London has been Olympicised...
...The only consolation is that the gloomsters will win gold.
And so, like mushrooms in a damp field, up pop the Olympic ring symbols along dozens of roads in London. Those readers who live outside the metropolis can thank their stars they have avoided them. In the past I have thanked mine that the Hovel, however crumbly inside (the latest household item to achieve 100 per cent non-operability is the downstairs loo-seat, which skids from its moorings at the minutest shift in position from its user), does at least have a pleasingly central location.
This is not now the blessing it was. Thanks to my proximity to Lord’s, where the archery will be taking place, I now appear to live in an anomalously well-stocked network of Games Lanes, those dedicated channels through which the greased turds of the Olympic committees can zip by, while the common-or-garden Londoner lurches, inch by gridlocked inch, at an even slower rate of peristalsis than normal.
I only have use of a car every fortnight, when I ferry the brood to and from Shepherds Bush, so I’m not going to be too inconvenienced, but even last weekend, when I could have sworn that the Olympics had yet to commence, there was a big illuminated sign telling drivers to avoid the Lord’s vicinity. That this was placed right next to Lord’s – ie, far too late – only added to the absurdity. (One of these big yellow signs went up on Baker Street a week or two ago. I noticed a sticker near its base warning potential thieves that mechanisms were in place to hinder their efforts, though why anyone would want to steal such a thing for profit is beyond me.) But, driving back to the Bush last Sunday, I noticed the Olympic rings painted on one of the two lanes available on the first elevated section of the Westway (westbound) and reflected on how miserable those drivers confined to the single lane are going to find it when the Games Lane goes “live”. (I suggested to the children that we sneak out one night and paint dummy Olympic rings on various random roads to bring the place to a complete standstill. They liked the idea.)
One is not confined to traffic chaos. The general advice being offered to users of the public transport network boils down, basically, to “don’t”. Posters have sprung up in which cartoon characters, drawn in the style of a wretched knock-off of Pixar, happily walk to work in bright sunshine (ha!) instead of taking the stuffy old Tube. Or, most offensively in my opinion, a couple of outrageously bulked athletes barely squeeze through an open pair of Tube train doors while the commuters behind them look on. (The offensiveness resides mainly in the suggestion that the steroid-pumped freaks – yeah, I said it, sue me – who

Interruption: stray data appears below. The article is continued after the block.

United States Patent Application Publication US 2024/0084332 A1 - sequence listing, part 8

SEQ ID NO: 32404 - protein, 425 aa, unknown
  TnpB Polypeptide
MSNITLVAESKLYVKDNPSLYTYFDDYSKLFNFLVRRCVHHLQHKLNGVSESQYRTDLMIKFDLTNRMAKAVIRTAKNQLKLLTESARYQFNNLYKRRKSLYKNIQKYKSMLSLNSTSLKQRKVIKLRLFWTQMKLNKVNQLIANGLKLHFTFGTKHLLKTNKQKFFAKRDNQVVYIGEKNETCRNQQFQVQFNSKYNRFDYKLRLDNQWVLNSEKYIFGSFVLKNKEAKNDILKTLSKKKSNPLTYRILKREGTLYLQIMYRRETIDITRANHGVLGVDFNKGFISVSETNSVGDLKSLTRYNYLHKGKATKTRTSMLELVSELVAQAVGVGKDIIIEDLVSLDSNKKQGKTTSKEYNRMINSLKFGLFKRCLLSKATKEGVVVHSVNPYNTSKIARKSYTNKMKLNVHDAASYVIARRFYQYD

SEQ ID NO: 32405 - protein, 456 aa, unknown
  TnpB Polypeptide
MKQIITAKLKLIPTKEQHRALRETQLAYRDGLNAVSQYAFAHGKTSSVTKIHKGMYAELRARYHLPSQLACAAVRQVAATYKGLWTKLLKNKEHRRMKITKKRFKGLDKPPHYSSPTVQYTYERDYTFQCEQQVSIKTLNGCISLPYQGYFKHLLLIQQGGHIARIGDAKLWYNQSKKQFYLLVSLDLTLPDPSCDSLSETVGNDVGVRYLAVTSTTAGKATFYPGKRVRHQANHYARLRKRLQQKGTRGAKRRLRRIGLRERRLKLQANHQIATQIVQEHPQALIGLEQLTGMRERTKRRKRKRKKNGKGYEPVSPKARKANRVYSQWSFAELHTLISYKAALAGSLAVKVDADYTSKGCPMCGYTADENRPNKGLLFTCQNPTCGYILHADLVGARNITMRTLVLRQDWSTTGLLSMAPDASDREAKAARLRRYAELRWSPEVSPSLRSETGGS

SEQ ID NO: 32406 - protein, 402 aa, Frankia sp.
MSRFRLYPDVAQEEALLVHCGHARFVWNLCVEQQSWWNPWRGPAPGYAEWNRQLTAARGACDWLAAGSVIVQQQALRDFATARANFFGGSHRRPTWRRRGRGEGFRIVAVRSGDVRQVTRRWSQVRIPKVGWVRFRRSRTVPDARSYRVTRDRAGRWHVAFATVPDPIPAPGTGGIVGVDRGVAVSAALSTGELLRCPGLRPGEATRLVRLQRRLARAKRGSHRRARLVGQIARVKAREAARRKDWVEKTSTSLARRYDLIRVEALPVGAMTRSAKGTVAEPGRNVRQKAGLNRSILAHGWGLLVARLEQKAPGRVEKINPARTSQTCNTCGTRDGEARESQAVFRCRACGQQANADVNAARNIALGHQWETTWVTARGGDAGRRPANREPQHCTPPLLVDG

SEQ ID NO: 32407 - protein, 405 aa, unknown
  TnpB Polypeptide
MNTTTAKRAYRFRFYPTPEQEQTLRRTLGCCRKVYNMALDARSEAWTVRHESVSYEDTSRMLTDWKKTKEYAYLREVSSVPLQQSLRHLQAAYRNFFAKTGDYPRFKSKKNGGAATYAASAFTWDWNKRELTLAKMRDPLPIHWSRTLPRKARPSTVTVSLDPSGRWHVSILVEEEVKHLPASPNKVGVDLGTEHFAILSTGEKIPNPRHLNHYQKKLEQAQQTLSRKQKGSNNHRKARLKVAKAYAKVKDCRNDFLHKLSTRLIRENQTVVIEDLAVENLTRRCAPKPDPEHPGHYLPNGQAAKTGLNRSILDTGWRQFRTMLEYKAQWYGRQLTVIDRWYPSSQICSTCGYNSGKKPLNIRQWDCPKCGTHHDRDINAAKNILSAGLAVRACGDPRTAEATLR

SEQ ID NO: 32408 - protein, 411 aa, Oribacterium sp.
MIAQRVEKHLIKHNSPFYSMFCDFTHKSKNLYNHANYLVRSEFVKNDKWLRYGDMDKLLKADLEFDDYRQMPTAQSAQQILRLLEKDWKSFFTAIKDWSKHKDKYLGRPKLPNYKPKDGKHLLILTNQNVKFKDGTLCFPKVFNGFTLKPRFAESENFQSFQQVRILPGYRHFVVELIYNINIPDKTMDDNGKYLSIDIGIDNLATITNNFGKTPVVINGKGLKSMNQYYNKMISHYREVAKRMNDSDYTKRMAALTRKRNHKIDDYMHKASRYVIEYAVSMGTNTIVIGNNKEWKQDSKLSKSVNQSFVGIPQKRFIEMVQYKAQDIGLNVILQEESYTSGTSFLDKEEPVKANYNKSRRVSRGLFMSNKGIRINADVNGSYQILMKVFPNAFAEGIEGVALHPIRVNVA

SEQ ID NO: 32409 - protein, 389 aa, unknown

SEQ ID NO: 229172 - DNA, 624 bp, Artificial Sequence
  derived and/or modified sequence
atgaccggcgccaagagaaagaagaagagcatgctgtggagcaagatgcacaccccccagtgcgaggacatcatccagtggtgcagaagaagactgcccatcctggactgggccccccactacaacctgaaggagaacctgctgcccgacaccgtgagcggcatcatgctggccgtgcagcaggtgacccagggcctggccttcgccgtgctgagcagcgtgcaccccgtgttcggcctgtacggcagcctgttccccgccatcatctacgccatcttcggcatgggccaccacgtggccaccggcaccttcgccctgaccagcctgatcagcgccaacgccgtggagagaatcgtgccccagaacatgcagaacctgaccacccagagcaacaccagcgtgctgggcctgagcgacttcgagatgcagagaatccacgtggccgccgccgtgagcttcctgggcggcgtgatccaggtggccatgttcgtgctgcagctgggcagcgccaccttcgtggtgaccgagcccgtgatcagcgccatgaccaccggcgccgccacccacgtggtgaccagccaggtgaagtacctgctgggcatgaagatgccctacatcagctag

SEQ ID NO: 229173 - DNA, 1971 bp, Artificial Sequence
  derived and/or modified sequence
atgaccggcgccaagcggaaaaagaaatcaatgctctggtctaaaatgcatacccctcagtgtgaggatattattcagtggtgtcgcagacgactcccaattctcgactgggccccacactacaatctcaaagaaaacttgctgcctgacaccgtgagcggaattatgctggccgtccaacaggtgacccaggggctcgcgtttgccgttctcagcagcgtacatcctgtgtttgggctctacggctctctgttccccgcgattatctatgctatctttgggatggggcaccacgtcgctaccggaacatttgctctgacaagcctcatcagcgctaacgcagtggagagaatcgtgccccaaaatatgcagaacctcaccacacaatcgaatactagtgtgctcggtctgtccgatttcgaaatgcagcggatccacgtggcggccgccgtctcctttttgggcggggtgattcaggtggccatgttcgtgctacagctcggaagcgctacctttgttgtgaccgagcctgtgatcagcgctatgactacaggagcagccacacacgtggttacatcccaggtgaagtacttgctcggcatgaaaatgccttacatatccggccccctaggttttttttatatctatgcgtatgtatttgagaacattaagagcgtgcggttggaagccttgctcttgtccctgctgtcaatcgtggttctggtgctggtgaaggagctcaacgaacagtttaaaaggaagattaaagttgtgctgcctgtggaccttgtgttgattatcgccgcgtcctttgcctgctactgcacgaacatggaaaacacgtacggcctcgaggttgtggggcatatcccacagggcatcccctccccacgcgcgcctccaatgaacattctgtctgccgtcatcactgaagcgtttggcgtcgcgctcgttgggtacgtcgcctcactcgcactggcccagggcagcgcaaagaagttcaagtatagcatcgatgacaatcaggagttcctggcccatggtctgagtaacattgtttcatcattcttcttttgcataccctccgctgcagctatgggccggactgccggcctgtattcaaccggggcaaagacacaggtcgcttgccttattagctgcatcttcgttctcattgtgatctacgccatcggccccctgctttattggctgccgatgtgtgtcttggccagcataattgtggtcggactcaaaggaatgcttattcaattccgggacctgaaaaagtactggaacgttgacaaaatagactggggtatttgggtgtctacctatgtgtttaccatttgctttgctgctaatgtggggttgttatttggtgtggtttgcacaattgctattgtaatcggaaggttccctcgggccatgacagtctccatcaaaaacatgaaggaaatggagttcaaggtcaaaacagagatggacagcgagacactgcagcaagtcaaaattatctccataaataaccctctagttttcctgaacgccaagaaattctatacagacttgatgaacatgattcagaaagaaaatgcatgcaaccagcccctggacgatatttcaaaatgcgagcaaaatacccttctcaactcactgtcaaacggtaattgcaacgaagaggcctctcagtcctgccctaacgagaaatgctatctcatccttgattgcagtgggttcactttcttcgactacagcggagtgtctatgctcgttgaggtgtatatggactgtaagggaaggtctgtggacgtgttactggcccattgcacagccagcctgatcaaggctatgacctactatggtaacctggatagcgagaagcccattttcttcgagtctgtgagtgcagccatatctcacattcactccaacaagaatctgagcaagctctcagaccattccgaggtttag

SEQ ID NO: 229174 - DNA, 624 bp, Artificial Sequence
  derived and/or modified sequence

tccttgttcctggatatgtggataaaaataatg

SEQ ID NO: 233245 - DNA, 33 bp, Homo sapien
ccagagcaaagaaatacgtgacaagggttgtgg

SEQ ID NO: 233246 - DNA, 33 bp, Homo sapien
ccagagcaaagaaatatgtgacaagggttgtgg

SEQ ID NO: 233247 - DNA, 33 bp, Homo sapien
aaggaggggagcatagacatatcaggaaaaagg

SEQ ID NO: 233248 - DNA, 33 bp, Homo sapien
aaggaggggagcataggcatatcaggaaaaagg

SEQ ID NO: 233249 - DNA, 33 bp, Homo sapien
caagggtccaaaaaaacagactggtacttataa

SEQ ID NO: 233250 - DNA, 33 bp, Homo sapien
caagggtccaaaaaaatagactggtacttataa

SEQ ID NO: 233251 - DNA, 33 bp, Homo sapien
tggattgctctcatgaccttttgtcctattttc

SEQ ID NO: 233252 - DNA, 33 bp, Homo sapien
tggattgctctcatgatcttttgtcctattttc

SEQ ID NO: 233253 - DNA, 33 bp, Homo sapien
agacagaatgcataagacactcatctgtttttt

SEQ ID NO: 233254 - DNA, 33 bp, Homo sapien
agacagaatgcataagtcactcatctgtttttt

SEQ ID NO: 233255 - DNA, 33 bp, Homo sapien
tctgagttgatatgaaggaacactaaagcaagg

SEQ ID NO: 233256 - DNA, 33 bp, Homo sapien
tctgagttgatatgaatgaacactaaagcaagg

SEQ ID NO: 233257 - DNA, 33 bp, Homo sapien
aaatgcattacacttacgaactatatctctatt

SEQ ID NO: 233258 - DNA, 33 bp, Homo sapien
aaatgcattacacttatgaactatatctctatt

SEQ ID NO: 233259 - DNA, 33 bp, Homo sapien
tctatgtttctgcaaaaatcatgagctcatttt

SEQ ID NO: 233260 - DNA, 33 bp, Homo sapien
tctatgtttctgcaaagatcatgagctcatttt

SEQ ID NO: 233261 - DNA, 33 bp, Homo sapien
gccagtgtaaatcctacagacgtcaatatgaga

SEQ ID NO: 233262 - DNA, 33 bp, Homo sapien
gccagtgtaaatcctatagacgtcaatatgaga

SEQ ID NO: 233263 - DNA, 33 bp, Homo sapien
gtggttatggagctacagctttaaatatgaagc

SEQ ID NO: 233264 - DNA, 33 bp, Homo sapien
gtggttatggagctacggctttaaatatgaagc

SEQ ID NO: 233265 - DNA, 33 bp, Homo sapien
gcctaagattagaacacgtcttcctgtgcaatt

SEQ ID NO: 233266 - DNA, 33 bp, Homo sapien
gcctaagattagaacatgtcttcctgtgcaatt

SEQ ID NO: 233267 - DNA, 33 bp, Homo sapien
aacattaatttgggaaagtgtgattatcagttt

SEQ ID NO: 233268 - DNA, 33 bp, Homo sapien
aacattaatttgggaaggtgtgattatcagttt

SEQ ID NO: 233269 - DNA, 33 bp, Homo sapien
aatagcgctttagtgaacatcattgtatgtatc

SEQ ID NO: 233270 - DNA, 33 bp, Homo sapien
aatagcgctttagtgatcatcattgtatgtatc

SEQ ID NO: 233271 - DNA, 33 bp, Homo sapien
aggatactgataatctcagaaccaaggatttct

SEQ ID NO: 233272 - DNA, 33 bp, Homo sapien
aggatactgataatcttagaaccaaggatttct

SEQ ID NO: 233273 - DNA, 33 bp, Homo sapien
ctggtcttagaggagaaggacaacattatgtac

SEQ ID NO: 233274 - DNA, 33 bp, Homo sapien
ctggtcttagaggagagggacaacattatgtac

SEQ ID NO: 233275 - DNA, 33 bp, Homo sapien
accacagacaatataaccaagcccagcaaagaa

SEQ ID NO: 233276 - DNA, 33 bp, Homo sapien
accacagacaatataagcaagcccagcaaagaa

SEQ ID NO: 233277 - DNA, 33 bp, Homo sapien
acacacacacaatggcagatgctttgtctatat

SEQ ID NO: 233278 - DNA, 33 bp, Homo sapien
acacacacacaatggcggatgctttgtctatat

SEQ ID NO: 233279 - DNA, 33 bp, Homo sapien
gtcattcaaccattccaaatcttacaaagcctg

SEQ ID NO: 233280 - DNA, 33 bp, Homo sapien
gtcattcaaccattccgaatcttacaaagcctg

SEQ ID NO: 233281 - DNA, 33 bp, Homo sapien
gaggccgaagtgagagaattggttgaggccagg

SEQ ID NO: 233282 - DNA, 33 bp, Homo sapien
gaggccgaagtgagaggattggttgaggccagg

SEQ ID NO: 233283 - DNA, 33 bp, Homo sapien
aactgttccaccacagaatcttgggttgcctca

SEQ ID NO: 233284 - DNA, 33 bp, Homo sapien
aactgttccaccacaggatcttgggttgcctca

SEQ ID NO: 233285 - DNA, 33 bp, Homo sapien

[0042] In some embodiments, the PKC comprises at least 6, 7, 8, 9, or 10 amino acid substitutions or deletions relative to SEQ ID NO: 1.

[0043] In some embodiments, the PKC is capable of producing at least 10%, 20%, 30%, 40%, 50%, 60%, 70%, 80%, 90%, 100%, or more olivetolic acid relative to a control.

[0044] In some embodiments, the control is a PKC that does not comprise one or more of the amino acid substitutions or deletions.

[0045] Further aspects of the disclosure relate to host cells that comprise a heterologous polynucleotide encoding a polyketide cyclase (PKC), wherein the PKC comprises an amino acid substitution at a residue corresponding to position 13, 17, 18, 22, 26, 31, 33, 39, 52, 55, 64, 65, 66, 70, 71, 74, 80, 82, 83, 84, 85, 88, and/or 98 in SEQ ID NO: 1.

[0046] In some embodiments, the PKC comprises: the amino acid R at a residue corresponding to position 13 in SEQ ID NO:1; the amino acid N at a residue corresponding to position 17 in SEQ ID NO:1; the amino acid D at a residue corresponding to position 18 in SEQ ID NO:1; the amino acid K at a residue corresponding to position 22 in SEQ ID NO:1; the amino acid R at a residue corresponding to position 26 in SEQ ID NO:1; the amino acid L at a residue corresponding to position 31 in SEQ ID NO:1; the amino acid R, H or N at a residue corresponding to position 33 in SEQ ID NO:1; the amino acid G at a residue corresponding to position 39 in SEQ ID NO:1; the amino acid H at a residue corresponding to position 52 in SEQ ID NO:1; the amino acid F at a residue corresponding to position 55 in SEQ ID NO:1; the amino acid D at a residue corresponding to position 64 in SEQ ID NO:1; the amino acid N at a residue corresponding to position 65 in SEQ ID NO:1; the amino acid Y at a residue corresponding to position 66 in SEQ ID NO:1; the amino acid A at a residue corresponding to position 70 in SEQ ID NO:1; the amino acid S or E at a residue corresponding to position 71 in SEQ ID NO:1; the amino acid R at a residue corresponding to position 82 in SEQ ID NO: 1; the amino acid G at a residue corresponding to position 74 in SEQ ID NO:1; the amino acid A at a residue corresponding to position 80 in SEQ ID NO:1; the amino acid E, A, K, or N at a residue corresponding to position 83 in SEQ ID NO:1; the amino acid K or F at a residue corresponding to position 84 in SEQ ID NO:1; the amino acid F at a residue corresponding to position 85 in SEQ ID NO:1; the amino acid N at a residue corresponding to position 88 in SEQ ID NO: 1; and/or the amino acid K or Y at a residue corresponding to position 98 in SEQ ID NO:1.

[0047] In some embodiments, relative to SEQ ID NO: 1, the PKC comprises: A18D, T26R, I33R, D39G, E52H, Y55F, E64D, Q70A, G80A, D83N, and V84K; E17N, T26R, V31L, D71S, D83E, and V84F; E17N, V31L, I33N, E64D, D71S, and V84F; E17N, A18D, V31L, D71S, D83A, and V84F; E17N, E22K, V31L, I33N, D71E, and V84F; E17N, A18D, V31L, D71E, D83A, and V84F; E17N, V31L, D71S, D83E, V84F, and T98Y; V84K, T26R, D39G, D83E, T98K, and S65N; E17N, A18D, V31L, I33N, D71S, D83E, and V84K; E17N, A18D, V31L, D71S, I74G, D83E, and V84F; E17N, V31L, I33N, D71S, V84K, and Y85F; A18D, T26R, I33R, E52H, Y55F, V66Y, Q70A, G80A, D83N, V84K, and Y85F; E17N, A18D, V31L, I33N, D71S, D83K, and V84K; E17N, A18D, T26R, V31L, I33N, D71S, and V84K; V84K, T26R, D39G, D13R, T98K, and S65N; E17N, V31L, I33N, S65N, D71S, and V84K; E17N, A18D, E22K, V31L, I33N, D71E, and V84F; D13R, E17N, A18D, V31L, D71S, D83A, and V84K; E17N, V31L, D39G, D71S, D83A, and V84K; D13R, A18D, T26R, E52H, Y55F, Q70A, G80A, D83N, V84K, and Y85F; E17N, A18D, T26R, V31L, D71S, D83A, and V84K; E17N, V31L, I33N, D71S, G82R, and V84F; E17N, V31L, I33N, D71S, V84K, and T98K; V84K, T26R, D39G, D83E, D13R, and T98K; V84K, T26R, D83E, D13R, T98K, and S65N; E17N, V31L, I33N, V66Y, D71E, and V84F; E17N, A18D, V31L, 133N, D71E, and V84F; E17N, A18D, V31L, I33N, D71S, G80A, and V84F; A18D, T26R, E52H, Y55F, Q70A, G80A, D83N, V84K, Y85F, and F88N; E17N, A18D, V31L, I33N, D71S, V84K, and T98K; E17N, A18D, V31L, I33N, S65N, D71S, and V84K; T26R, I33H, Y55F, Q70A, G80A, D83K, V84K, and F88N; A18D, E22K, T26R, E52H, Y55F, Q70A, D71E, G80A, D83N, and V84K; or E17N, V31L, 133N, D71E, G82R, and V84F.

are competing in the absurd event are going to be using the Underground. This might have been the case in the 1948 London Olympics but it sure isn’t the case now.)
What else? Oh God, there is so much. Just one trivial example. Baker Street – a station that we are being begged to avoid because it is relatively unavoidable, unlike, say, East Finchley – is now disfigured by garish pink signs, accompanied by that Maggie-Simpson-sucking-Clinton’s-cock logo, pointing people to Wembley. That these signs seem to point to four different platforms will not, I think, help matters, unless Transport for London wants visitors, who should have known better anyway, to think that the Underground network was designed by M C Escher.
All this Olympic crap would not bother me so much if I weren’t under obligation to pay strict attention to the proceedings. Some months ago, in the course of a hugely enjoyable lunch with one of Penguin Books’ editors, it was suggested that I stay in London during the Games, plonk myself and the laptop in front of the telly and write two or three thousand words of bile every day about the proceedings. At the time this seemed like a bit of a wheeze and a good way of turning the whole depressing spectacle to my personal advantage; but as the Games, and the scale and degree of my commitment loom ever larger, I am beginning to sweat.
I can’t get out of this. But worst of all is the fact that I can’t pretend the Games aren’t happening and I can’t get out of town for the duration. Or, indeed, any of the duration.
I remember, a couple of months ago, Boris Johnson describing those who cast a dyspeptic eye on the impending competition and its impact on the city as “gloomsters”. It is my one consolation that we gloomsters in London now outnumber the bubble-headed boosters of the Games by about 14 to one and that the forthcoming chaos means this jackanapes will not see public office again for a long, long time.